Hey there hydrangea lovers of the north east, are your Hydrangea macrophyllas living up to your expectations? If not, and you happen to live in Zone 7 or colder, and where your winters hem and haw before finally moving over for spring, then read on!
Their lack of performance may be because you are pruning, or even deadheading them in the fall. This especially pertains to ones that bloom on the previous season's stems. I leave mine (and my clients') alone come the end of the season; I don't take the pruners to them until mid April. Give it a try, as this might grant you your wish for having an abundant spray of mop heads.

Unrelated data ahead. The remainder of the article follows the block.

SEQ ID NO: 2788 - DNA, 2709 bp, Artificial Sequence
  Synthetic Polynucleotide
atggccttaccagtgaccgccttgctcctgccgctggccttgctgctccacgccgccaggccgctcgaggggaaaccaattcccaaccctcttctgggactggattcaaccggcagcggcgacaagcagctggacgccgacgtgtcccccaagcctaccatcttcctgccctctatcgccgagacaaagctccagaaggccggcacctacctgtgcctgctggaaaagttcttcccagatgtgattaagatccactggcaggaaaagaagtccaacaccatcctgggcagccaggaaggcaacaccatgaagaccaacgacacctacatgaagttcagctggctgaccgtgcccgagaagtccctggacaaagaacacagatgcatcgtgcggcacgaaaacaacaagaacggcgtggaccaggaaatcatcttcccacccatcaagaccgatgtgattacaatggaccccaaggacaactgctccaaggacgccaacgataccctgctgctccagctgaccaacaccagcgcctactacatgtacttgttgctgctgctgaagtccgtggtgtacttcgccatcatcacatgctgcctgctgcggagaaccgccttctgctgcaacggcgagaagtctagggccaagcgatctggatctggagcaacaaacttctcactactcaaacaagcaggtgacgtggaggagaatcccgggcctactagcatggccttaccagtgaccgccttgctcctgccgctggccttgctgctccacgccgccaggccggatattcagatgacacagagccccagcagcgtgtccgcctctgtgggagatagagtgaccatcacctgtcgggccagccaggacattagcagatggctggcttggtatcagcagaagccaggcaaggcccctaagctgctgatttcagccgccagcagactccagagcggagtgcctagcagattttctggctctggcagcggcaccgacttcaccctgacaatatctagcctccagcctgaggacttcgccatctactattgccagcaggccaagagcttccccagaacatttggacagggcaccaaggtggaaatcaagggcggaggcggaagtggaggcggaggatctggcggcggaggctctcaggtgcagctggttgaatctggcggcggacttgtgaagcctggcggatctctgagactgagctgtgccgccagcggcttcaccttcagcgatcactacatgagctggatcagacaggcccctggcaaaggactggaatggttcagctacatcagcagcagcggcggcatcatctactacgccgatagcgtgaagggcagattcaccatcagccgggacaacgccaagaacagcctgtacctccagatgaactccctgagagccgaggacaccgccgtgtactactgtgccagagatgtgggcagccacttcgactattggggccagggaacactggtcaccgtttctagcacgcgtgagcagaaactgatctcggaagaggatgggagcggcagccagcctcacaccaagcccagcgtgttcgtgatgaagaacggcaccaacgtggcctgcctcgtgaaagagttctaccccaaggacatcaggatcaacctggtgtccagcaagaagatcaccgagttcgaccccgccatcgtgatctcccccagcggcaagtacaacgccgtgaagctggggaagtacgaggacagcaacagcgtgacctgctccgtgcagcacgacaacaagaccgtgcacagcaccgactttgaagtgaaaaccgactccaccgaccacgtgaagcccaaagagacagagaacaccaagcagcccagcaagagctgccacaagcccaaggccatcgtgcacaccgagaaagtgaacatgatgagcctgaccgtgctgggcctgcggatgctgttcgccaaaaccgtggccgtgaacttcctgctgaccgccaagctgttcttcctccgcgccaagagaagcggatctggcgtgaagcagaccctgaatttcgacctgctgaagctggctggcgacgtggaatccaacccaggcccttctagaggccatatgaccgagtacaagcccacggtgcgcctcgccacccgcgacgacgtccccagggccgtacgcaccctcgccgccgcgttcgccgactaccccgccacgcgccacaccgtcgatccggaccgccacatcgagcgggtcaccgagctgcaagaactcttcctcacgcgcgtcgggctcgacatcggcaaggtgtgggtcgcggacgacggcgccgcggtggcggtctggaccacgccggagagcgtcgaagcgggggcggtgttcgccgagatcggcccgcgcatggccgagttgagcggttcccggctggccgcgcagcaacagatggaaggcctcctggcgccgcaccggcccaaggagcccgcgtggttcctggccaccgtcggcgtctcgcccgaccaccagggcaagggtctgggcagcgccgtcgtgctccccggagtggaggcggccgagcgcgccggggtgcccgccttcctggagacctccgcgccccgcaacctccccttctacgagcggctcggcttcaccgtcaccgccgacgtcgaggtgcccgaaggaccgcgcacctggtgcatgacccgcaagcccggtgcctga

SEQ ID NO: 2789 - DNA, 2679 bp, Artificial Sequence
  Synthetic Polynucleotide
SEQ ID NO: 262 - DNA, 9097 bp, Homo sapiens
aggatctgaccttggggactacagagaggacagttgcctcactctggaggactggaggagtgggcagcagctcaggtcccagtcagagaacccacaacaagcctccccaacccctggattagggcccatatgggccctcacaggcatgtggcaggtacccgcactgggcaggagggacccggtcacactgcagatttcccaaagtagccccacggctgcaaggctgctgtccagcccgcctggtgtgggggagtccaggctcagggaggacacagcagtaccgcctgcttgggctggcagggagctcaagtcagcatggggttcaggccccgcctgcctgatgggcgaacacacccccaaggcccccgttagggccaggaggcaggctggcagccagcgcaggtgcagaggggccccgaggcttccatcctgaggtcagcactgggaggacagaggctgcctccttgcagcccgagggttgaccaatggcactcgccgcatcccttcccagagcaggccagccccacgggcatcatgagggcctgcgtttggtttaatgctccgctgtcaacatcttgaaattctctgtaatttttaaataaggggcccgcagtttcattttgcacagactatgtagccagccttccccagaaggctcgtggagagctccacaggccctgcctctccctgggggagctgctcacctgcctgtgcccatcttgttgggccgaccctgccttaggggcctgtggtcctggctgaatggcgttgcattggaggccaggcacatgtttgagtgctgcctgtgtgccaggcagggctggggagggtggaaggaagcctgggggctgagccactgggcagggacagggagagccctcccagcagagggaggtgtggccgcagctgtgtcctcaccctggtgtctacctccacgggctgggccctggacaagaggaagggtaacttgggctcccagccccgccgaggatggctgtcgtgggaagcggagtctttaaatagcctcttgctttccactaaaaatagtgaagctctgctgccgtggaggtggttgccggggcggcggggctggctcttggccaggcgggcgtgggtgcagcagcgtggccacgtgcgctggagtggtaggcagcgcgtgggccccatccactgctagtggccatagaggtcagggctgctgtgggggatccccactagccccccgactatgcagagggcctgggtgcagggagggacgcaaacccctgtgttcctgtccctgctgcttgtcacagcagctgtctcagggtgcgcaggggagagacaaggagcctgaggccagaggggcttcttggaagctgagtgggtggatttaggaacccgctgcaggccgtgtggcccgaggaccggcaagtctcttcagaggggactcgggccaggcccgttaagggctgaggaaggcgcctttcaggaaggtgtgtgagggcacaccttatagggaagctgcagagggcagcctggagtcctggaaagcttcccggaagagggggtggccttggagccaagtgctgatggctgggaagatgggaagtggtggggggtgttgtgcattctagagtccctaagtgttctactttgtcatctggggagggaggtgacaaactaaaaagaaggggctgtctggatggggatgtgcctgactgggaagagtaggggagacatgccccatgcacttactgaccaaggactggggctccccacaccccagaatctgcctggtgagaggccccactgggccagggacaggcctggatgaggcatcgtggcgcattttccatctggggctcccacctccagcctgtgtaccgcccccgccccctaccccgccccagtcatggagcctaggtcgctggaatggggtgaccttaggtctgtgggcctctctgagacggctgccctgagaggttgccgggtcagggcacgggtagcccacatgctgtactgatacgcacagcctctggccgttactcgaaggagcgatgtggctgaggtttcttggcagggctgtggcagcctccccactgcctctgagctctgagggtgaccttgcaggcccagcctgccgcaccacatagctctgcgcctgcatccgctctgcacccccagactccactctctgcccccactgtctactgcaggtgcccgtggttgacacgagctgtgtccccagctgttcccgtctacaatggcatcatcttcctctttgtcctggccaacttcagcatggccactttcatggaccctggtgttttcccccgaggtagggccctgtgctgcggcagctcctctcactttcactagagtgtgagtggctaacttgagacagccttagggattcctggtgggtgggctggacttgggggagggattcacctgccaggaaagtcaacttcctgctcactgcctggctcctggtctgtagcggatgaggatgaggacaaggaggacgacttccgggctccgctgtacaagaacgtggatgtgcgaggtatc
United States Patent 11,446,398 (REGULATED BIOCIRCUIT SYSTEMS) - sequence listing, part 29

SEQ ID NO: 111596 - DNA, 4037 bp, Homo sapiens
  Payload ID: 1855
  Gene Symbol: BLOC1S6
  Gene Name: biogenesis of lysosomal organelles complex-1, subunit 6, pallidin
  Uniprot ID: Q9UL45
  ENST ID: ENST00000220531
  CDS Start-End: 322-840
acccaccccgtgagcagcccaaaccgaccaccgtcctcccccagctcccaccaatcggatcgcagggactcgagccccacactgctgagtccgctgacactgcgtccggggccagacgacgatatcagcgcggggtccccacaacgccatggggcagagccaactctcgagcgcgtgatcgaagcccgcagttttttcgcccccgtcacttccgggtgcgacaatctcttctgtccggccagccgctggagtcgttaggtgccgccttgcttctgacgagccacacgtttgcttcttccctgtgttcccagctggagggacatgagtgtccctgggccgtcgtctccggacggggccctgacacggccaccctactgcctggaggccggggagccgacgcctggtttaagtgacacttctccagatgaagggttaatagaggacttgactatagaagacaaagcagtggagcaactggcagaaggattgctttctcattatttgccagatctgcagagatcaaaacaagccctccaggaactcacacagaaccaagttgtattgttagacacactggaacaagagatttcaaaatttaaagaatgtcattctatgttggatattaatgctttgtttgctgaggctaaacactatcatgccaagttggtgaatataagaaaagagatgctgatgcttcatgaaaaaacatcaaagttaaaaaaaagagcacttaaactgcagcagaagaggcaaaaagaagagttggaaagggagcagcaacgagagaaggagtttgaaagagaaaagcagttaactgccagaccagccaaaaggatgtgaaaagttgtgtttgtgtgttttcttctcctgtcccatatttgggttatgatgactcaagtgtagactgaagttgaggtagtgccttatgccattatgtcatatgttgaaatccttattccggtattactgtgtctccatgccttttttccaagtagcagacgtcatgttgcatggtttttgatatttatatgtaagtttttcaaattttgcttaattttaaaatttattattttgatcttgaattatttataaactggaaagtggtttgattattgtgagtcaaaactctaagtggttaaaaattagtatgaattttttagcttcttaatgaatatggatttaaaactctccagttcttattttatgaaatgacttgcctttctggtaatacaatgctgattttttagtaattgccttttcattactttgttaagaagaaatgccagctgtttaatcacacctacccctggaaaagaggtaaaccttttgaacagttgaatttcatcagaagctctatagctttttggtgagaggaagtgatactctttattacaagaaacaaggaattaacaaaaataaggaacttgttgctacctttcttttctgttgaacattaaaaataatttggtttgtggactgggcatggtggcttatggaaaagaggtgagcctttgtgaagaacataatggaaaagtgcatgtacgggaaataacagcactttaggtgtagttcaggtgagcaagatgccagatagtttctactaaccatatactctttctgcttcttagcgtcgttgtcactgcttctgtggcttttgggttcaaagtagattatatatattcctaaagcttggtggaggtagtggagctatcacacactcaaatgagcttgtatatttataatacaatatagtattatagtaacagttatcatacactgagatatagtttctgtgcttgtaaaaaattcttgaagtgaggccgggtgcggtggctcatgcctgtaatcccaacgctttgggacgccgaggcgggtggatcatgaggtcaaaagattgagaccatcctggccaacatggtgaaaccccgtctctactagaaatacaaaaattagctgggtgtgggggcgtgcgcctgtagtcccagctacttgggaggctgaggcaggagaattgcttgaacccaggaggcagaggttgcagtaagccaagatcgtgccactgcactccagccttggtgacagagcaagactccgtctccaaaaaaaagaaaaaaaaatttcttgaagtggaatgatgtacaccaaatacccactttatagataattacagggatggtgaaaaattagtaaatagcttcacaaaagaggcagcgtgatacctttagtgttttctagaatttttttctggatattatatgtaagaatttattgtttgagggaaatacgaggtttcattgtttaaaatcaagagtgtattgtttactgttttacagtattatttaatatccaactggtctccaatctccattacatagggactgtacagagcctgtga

I know it may be tempting to cut the faded blooms at the end of the summer for cosmetic purposes, or for dried arrangements, but doing so can come with a disappointing expense the following summer. Hold off on any pruning or of cutting out old, unproductive stems until mid spring when the shrub's leaf buds begin to form and all danger of a hard freeze has passed. This technique has served me well in all my gardening years, and I have no intention of changing things up.
Could there be other reasons why they are not performing to your standards? Absolutely. Too nitrogen-rich soil is a common culprit, as is too shady a location for the shrub. Over-fertilizing them is another common mistake.